In 2020, the global economy came to a screeching halt as the COVID-19 pandemic rapidly spread across the globe. The pandemic created a public health crisis for humanity, crippling industries and inflicting devastating losses on both economic and human life. Industries, including exploration, faced uncertainty as travel restrictions and regional lockdowns limited mobility, supply chain networks were disrupted, and investments were delayed or deferred.
The uncertainty in the markets, however, drove investors to safe haven investments, such as precious metals, which rapidly increased commodity prices, pushing gold to reach historic highs. Towards the mid- to latter half of the year, economies began to reopen, and stimulus packages flowed into markets, causing base metals prices to rally, which continued through the end of the year. As an essential service supporting the global supply of minerals and metals, the mineral exploration industry was able to operate with COVID-19 protocols in place. Projects that were initially delayed, capitalized on the favorable commodity prices and available venture capital, attracting additional investment and budgets through 2020.
According to the 5th annual 2020 British Columbia Mineral and Coal Exploration Survey, while global exploration expenditures were down by approximately 11% for the year, the exploration price index saw recovery from a low in March to an increase of 26% year over year by August.1 Gold continued to dominate globally, whereas copper and other base metals faltered and saw the highest reduction in exploration spend.2 Nationally, despite seeing a marginal decrease, Canada’s exploration expenditure remained third in global rankings behind South America and Australia.2
In last year’s survey report, there was a notable shift in exploration towards base metals as BC seemed poised for a future of diversified metals. This trend was assumed to continue into 2020 as the demand for copper and other base metals was driven by strong global economic growth and electrification of everything.
BC exploration sector shows resilience in the face of a turbulent year
Using the data collected in this survey, BC exploration bucked global exploration trends in 2020, as the province saw a 28% increase in expenditure year on year. Exploration spend across the province totaled $422m, which is more than double the spend in 2016 and just short of the highs experienced in 2011 and 2013, respectively.3 While the number of projects was down by 13% in 2020, the total meters drilled were up by 40%, consistent with a trend towards late-stage exploration and increases in available budget. The Northwest Region continued to lead the way and contributed to over 50% of the province’s spend. Expenditures were up across all Regions except the Southwest Region.
Shift back to gold as base metals remain steady
In contrast to our prediction last year, gold exploration was dominant in this year’s survey, with the commodity seeing a 76% increase in exploration expenditure, as investors flocked to the precious metal, driving prices above $2,000/oz during the year.
The Golden Triangle of Northwestern BC continued to attract exploration activity as the ongoing infrastructure development continued to pay dividends, and investors capitalized on the high-grade discoveries supported by record high commodity prices. The North Central and South Central Regions saw significant increases in gold expenditure, and now account for almost half of gold expenditure for the province.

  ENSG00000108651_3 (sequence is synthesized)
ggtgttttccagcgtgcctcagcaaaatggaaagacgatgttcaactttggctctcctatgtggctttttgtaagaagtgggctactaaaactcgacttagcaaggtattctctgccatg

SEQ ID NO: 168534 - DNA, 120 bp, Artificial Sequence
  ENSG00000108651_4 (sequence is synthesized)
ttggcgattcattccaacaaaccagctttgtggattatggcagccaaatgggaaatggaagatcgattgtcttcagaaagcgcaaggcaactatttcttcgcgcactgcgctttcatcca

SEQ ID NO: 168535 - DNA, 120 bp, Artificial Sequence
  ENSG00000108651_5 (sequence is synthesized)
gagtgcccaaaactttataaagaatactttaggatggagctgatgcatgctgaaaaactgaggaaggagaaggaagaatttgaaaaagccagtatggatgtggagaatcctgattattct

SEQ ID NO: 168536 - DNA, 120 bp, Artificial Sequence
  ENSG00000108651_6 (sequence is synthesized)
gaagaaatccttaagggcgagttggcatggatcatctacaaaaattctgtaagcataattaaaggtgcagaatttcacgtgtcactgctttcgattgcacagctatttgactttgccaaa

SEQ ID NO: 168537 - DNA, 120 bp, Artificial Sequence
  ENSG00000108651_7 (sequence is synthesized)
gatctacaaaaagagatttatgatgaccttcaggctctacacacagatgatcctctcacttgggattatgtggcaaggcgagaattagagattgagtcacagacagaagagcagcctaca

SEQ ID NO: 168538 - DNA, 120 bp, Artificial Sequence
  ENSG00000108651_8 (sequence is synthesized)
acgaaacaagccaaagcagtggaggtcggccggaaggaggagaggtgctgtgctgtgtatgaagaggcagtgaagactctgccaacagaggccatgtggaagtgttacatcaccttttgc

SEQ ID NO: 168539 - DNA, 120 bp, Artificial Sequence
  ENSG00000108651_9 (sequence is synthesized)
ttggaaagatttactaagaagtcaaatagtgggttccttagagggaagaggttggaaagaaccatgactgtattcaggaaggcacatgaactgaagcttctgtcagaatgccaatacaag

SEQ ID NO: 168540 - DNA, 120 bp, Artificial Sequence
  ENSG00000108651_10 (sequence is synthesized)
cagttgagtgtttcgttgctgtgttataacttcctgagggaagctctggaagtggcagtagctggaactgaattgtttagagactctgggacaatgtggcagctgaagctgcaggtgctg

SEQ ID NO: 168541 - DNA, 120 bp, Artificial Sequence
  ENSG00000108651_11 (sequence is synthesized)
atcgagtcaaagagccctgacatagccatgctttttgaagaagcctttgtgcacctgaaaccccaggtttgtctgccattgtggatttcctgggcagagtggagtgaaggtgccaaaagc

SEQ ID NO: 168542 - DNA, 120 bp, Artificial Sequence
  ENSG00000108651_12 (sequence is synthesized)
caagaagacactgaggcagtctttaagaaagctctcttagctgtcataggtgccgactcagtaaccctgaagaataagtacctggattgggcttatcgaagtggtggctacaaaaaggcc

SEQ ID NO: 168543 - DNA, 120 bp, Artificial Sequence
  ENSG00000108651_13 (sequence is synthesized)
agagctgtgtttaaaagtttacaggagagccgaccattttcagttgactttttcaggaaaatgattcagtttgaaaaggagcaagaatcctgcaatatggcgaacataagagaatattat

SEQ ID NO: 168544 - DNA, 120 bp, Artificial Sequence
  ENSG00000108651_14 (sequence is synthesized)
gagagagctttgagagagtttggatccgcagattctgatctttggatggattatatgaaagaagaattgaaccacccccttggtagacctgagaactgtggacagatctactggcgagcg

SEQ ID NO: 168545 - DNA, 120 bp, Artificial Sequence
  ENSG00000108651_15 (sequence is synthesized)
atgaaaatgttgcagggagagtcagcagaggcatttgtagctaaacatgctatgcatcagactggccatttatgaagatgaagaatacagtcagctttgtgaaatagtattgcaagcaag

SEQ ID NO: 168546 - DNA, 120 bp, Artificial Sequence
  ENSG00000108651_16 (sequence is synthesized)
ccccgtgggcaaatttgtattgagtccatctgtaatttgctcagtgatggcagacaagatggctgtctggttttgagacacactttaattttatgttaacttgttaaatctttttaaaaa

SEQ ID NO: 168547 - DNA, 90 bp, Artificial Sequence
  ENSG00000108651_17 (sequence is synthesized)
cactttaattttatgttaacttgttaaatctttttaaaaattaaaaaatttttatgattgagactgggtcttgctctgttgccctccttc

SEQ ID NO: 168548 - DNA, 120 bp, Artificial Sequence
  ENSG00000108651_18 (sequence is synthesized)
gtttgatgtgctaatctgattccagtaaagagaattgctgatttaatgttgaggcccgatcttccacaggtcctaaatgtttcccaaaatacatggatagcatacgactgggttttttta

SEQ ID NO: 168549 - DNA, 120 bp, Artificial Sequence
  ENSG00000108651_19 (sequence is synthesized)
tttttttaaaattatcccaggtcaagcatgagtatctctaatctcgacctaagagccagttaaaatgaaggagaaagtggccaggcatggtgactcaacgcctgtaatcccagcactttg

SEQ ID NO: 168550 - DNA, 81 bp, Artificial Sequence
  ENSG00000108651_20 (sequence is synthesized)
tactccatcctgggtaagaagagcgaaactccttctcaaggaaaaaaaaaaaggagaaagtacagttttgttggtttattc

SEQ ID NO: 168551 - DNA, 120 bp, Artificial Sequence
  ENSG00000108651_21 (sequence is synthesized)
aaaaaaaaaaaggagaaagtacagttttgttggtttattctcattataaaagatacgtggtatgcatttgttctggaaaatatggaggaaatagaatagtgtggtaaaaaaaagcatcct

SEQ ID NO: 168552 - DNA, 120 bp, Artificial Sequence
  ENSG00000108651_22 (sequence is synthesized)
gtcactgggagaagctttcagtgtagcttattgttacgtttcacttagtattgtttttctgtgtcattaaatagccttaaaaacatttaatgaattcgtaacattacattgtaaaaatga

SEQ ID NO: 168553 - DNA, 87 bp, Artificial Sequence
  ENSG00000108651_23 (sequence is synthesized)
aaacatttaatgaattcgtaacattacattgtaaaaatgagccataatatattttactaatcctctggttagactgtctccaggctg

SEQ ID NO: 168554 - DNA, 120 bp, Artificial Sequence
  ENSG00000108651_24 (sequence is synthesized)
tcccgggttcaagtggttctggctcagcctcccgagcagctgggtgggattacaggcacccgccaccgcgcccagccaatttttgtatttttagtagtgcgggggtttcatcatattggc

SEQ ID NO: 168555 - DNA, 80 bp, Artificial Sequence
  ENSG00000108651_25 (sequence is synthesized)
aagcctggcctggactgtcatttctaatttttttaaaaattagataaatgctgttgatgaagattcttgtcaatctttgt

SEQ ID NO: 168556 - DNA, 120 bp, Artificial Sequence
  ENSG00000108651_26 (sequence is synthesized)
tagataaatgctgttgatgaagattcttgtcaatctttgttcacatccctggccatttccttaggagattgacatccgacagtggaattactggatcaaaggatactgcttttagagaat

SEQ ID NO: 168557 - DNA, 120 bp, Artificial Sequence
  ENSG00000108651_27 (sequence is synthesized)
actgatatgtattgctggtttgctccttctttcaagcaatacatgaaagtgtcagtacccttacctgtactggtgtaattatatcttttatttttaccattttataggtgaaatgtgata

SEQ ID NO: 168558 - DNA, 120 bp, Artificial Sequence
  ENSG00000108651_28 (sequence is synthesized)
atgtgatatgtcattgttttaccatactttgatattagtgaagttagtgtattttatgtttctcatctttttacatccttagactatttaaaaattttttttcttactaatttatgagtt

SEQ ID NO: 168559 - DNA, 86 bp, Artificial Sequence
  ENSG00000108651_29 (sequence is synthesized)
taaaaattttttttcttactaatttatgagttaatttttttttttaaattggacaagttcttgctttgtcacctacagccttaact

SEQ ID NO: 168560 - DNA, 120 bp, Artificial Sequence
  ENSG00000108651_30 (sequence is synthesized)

Despite base metal prices increasing through the latter half of 2020, expenditure was down in this year’s survey. This pattern was consistent with the global exploration trend highlighted earlier; however, the decrease was primarily driven by a decline in investment in a few projects in the region (large nickel and zinc/lead projects). Copper exploration saw a slight increase, despite prices rallying to new highs toward the end of 2020. As global economies began to reopen and adjust to the new norm, so demand and prices for base metals began to increase.
A noticeable movement towards late-stage exploration
The outlook for the mining and metals sector in BC is largely influenced by the success of early-stage exploration. Over recent years, there has been a notable shift away from early-stage exploration towards advanced. In 2020, this trend may have been accelerated due to pandemic restrictions and regional lockdowns, impacting grassroots and early-stage investment.1
Grassroots and early-stage exploration accounted for 35% of total exploration in 2020, compared to 40% in 2019 and just 14% in 2014, as exploration spend moved to the advanced and mine evaluation stages. A decline in the number of projects and significant increase in meters drilled supports the shift towards later-stage exploration.
The unexpected and uncontrollable events of last year played a significant role in the commodity price boom, which supported the increase in exploration expenditure in BC. Whether these trends will continue in 2021 remains to be seen and will ultimately be determined by a number of external factors such as our ability to control the spread of the COVID-19 virus and the speed at which lockdown and travel restrictions are lifted. Administrative and political changes in 2021 may play a role in easing global trade tensions as not only borders but also economies continue to reopen and drive demand for a diversified mix of commodities.